Rashad Evans had two key goals in his UFC on Fox 2 headlining bout against Phil Davis last night (Jan. 28, 2012), at the United Center in Chicago, Illinois: Win decisively and don't get injured to preserve his rightful title shot.
Davis entered the fight with significantly less experience in mixed martial arts (MMA) than Evans, but also with much higher collegiate wrestling credentials, even winning a national championship for Penn State University in 2008.
So why did he find himself repeatedly put on his back throughout the five round affair? And what's next for both talented light heavyweights?
Follow me after the jump for our Rashad Evans vs. Phil Davis UFC on FOX 2 post-fight review and analysis:
Early on, Phil Davis looked strong, controlling most of the action in the stand-up as Evans sized him up, trying to figure him out. With Evans focused more on gauging distance, Davis was able to attack rather efficiently, throwing some crisp kicks and putting some decent pressure on the former champion with some improved punches.
That was, until Evans got "Mr. Wonderful's" timing down, caught a leg kick, took him to the canvas and started blasting him with punches from the crucifix.
Davis' confidence in his kicks after that, perhaps his only real advantage over Evans in his MMA skill-set, was decimated after that first round. It seemed like "Suga" was able to catch Davis' kicks about 25 percent of the time he threw them and in the fourth round, he even checked one so badly that "Mr. Wonderful's" kicking leg began to bleed profusely out of his shin.
While Evans didn't light up his opponent in the stand-up exchanges, he clearly began to get comfortable with his punching, landing some nice flurries during random spots in the bout, although he never got so aggressive that he gave Davis anything to really work with.
In the end, Davis simply didn't have enough to challenge Evans as he lost every round on all three judges' scorecards with a 50-45 unanimous decision.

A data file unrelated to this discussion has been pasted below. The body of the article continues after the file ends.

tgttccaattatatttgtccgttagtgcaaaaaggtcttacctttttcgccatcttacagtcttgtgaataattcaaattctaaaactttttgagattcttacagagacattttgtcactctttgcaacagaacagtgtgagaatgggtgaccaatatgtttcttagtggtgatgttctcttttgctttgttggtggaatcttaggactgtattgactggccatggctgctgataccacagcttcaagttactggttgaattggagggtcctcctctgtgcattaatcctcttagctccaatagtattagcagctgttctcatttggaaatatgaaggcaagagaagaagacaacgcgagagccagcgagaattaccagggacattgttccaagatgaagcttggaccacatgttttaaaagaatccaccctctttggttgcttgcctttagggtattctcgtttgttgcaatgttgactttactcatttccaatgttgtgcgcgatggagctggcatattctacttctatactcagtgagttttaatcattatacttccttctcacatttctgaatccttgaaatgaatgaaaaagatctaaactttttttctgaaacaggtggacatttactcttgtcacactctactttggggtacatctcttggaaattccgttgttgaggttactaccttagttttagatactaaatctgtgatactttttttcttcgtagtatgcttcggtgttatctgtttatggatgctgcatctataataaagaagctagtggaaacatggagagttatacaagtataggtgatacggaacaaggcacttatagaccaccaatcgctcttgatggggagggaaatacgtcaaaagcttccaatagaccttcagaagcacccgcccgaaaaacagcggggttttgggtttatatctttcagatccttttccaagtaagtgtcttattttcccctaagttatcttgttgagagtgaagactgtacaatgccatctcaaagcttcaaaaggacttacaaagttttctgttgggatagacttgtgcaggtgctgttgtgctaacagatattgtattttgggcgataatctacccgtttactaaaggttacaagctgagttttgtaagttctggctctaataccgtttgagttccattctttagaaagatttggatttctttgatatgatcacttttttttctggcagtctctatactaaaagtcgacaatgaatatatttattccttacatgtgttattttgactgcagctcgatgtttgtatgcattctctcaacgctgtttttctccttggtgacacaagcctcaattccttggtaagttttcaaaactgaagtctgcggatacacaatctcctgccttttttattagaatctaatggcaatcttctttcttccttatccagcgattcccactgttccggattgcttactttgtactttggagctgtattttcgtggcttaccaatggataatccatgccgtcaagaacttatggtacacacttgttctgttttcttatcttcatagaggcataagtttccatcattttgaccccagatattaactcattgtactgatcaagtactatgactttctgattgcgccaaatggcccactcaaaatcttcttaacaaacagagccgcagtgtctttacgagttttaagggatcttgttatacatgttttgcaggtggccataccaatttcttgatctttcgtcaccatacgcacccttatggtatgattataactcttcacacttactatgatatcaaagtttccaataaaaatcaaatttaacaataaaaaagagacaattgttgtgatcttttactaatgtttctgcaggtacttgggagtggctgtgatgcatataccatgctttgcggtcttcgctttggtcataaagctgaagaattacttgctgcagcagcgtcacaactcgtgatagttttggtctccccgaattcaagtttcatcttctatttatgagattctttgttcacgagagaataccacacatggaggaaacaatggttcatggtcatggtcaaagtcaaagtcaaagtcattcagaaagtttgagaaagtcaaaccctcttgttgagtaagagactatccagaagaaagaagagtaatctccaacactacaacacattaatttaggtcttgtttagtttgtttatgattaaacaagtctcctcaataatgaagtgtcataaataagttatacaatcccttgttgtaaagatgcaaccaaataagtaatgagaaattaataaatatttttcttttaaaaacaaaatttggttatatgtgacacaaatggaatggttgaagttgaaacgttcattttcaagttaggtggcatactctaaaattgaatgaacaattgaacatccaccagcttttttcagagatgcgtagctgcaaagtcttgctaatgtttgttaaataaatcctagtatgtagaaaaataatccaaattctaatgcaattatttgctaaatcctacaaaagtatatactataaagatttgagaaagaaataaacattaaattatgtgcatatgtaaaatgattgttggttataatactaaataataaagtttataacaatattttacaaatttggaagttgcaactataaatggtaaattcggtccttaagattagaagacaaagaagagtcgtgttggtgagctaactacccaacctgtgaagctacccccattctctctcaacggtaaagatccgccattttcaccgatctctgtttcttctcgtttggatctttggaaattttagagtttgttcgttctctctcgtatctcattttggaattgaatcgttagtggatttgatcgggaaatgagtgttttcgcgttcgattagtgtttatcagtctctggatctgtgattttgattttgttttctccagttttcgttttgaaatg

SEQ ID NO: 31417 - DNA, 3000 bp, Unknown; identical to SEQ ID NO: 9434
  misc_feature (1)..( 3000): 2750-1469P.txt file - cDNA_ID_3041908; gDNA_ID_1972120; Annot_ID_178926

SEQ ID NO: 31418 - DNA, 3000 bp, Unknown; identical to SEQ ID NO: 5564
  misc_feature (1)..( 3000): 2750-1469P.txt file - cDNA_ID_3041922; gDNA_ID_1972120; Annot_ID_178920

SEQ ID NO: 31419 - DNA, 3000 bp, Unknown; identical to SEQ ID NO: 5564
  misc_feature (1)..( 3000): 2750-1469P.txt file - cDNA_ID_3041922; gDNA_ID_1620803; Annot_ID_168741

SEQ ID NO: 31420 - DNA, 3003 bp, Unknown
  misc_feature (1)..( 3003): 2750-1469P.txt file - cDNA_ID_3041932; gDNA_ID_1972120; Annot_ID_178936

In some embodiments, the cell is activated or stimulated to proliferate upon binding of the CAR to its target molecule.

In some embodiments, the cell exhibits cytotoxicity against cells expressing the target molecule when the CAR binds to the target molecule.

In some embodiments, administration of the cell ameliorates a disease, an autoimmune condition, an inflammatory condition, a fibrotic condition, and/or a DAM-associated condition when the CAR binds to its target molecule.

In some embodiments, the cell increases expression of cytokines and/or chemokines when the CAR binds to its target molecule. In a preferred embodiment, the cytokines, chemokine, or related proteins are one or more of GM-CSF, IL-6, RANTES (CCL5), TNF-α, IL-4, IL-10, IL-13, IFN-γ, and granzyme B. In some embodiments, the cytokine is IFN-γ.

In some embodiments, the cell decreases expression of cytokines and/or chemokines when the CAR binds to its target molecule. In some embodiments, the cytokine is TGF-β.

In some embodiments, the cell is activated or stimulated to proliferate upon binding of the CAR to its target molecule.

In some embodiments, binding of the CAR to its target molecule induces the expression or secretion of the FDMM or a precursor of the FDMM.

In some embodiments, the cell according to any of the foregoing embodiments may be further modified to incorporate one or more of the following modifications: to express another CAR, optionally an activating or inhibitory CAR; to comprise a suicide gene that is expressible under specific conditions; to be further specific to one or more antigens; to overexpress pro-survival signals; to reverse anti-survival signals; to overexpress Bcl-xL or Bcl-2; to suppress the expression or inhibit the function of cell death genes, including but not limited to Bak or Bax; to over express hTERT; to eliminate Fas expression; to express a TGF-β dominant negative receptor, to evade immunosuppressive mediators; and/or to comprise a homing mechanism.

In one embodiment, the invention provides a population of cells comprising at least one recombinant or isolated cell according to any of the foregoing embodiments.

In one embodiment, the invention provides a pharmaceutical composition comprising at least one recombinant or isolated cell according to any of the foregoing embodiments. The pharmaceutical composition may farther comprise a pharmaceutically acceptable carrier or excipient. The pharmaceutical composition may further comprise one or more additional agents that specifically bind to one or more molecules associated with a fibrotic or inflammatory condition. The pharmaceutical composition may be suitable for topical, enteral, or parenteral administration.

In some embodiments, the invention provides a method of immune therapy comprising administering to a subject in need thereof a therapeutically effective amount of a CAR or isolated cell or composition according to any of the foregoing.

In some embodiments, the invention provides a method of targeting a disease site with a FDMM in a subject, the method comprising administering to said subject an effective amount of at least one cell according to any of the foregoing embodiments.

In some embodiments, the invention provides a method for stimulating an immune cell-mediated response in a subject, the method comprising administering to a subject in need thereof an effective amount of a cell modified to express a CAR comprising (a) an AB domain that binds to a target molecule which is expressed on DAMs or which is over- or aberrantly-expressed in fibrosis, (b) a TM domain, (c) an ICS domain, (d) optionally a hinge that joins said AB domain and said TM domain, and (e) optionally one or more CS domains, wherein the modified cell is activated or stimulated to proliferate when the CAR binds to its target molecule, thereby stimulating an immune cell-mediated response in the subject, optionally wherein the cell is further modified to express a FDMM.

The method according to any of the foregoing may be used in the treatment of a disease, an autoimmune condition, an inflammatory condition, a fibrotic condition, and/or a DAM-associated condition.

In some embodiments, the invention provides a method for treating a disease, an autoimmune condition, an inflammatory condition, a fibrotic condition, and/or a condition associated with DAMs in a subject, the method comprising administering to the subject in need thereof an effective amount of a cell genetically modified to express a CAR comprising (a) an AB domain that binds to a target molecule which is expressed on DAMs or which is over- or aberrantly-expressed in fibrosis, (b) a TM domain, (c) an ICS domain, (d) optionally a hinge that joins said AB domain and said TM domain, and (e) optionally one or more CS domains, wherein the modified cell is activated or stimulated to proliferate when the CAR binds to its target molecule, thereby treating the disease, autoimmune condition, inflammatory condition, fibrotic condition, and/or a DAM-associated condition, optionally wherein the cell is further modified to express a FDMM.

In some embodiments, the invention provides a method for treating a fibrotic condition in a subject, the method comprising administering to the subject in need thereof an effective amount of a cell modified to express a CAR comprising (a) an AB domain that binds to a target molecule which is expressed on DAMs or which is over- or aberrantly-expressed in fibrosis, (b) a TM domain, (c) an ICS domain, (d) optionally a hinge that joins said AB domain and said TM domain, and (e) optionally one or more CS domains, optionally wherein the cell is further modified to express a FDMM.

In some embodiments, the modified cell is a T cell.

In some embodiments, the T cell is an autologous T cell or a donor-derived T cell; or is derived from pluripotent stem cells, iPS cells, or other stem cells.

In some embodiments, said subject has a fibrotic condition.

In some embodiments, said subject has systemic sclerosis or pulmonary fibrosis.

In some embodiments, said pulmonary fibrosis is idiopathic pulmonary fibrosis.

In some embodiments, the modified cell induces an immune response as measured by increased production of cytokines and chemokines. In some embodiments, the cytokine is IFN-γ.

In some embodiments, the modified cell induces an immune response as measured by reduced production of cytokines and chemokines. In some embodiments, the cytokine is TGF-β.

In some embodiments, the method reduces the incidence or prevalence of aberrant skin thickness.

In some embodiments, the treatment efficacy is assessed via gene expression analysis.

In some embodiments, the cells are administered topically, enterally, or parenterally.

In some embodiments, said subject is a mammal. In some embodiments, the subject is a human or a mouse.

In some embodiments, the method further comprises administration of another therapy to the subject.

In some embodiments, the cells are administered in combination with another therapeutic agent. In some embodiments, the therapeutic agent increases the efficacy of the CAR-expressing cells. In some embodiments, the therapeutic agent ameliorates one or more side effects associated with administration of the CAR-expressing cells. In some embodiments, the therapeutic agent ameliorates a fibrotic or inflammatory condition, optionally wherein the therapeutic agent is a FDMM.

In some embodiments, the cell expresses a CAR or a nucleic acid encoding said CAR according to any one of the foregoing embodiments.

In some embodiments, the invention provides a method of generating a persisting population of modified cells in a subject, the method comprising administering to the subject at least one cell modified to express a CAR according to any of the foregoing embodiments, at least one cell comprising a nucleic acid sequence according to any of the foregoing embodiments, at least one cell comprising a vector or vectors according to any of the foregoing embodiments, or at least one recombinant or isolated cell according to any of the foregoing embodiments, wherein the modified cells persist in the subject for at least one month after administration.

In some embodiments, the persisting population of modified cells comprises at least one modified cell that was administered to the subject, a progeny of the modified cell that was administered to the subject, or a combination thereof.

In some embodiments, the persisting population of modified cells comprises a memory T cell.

For Phil Davis, this was simply too much, too soon for the former national champion wrestler. He's still got a ton of talent, as evidenced by his improved striking, but this was a fight he shouldn't have waited one more year before accepting. He still need time to catch up to the elite in the division with his overall skills before he can present a legitimate threat to the title. The potential is still there, and the fact that he never gave up speaks volumes for his mental fortitude.
As long as Davis continues to round out his game and shore up his technique, he'll be an elite 205-pounder someday. I'd like to see him given a top level veteran opponent also coming off a loss who would still be beatable, someone like Forrest Griffin, Rich Franklin or Vladimir Matyushenko.
For Rashad Evans, despite putting on a dominant show, it wasn't the most crowd pleasing performance. He was patient almost to a fault and the brief explosions of violence didn't make up for much of the posturing. He did what he had to do, however, and showed some marked improvements in key areas. The first was his movement. He finally stopped that herky-jerky head movement in his stand-up which featured a ton of wasted body motion and likely contributed to him gassing in the third round of several fights. He also went past the third round for the first time in his career and looked strong doing it. He wasn't bouncing around like he was before the fight started, but his conditioning was on point.
It's obvious who's he's fighting next, UFC light heavyweight champion Jon Jones at the UFC 145 event in Atlanta. While there was a ton of buzz surrounding this fight, Jon Jones didn't do much to sell it last night with his ho-hum appearance in the broadcast booth and his choice to stay there instead of confront Evans in the cage ruined a potential verbal sparring match which would have hyped up some fans to see the future pay-per-view.
So what did you think, Maniacs?
Did Rashad Evans' 50-45 sweep across the boards against Phil Davis make you a believer he can beat Jon Jones? Does Phil Davis still have the potential to be an elite light heavyweight?